Creditors of Washington real estate investor Dominic F. Antonelli Jr. were scheduled to meet this morning in an effort to bridge their differences instead of competing for repayment in a potentially contentious bankruptcy proceeding, a source said.
The meeting was expected to bring together bankers who negotiated a tentative out-of-court plan to restructure loans of about $1 billion and others who, objecting to that plan, filed a petition Jan. 17 asking the federal bankruptcy court in Rockville to declare Antonelli bankrupt and order his assets sold.
The meeting comes two days after the dissenting creditors hardened their position in the dispute over one of Washington's biggest and most troubled real estate empires. On Tuesday, they asked the court to place Antonelli's vast collection of undeveloped land, office buildings, hotels, shopping centers and apartment buildings under the control of an independent trustee.
They argued that Antonelli is unqualified to manage the liquidation of his many real estate investments and that conflicts of interest would prevent him from raising the most money possible for the banks and other institutions that financed his ventures.
"Apart from their passive investment in real estate projects, the Antonellis lack substantial experience in the operation, management or liquidation of real estate projects," those creditors said in court papers.
The creditors -- Riggs Bank, First American Bank, Chase Manhattan Bank, Vienna Finance Inc. and the federal agencies that took over the National Bank of Washington and Baltimore Federal Financial F.S.A. -- asked the court at a minimum to prohibit Antonelli from selling any property before his creditors have a chance to review proposed sales.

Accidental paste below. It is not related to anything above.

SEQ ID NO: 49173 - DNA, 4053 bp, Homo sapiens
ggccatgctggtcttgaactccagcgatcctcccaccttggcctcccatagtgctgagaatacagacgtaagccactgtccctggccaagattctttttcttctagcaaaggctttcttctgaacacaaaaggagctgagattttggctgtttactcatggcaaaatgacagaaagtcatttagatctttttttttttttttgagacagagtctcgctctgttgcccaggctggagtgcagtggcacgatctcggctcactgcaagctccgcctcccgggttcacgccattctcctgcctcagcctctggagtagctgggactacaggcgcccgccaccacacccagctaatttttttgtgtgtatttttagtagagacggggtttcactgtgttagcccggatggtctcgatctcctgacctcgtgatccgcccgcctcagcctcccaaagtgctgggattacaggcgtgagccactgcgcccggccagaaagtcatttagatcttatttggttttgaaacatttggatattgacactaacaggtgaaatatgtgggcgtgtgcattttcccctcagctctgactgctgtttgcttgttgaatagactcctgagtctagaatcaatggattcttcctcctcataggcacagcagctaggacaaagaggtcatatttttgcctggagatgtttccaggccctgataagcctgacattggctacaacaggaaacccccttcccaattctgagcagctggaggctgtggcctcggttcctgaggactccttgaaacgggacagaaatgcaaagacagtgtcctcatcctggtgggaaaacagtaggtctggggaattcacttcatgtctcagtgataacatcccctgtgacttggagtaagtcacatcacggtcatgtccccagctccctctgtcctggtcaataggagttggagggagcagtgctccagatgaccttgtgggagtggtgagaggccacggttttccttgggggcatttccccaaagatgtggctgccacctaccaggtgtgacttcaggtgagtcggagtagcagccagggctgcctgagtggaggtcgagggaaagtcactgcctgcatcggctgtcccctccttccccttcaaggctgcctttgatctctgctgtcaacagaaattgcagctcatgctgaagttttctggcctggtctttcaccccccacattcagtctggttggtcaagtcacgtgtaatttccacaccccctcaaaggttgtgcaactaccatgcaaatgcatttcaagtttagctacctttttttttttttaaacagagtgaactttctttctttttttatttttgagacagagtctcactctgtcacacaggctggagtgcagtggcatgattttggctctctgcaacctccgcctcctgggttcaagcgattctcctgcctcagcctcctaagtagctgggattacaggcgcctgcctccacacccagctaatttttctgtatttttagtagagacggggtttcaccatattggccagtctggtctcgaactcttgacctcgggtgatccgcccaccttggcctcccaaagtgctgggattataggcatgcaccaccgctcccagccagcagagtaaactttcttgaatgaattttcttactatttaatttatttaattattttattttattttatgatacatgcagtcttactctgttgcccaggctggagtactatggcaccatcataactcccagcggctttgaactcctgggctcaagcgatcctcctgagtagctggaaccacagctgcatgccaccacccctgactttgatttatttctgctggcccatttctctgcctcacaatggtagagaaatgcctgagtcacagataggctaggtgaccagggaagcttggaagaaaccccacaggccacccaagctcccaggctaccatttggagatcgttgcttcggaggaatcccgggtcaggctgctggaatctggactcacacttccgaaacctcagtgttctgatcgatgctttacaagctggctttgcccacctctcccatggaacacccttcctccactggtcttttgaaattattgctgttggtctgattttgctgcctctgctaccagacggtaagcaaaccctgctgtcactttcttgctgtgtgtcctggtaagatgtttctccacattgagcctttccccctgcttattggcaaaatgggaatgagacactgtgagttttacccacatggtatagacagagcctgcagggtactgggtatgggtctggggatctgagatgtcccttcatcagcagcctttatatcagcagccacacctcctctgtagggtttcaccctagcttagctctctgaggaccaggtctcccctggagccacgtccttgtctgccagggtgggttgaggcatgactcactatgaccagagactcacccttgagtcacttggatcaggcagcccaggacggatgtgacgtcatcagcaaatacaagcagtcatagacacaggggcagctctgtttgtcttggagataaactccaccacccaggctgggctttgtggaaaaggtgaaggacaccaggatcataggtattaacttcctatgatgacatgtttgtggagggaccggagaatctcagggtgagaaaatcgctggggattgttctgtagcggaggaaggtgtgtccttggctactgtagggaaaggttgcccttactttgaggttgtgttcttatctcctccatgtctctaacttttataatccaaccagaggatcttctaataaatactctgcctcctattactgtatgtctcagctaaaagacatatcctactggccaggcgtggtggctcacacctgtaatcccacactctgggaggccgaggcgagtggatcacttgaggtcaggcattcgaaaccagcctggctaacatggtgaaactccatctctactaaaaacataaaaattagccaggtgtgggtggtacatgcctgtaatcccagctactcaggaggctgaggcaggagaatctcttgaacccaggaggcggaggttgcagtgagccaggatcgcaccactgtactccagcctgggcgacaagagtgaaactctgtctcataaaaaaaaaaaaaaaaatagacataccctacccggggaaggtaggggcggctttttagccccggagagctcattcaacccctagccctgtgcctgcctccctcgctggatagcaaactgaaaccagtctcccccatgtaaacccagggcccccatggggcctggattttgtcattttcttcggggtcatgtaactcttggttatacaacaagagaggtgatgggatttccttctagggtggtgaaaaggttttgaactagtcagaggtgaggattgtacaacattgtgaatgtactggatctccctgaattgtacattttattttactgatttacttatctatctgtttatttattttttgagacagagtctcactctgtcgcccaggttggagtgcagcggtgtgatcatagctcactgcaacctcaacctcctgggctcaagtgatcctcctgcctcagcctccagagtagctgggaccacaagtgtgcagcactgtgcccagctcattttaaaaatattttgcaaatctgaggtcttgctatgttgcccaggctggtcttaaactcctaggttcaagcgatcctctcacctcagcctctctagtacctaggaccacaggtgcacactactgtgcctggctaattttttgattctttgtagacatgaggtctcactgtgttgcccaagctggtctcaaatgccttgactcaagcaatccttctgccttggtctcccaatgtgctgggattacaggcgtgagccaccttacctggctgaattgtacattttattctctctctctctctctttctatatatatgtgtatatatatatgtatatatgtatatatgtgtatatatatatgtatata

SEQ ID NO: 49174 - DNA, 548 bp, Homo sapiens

Antonelli has not formally responded to the creditors' arguments. His lawyer could not be reached for comment yesterday.
Many of Antonelli's other creditors had tentatively agreed to an out-of-court settlement of Antonelli's troubled loans that would have allowed him to sell his property over a period of years. Their theory was that they would recoup more money if they avoided the administrative costs of a bankruptcy proceeding and allowed Antonelli more flexibility in selling the property. Antonelli offered to cooperate by liquidating almost all his holdings for the benefit of his creditors.
However, Riggs Bank and the other dissenters criticized provisions of the out-of-court plan that would have allowed Antonelli and his wife Judith, who last spring claimed a combined net worth of $164.1 million, eventually to walk away from their troubled real estate projects with as much as $17.5 million. The plan would have granted the Antonellis annual lifetime allowances of $300,000 each, a $1.5 million home allowance and a $275,000 personal furnishing allowance. It would have let them earn fees for selling their real estate based on the amount of money they raised for the creditors.
One of three scenarios could unfold at today's meeting, the source said. If the creditors can reach agreement, they may stop the bankruptcy proceeding and pursue an out-of-court liquidation. If the differences that separate the two factions prove irreconcilable, the banks that negotiated the original agreement -- led by First Union National Bank of North Carolina, American Security Bank, Crestar Bank, Madison National Bank and Sovran Bank -- could press the bankruptcy court to adopt a similar agreement. Finally, if the coalitions unravel, a "free-for-all" could unfold in bankruptcy court, the source said.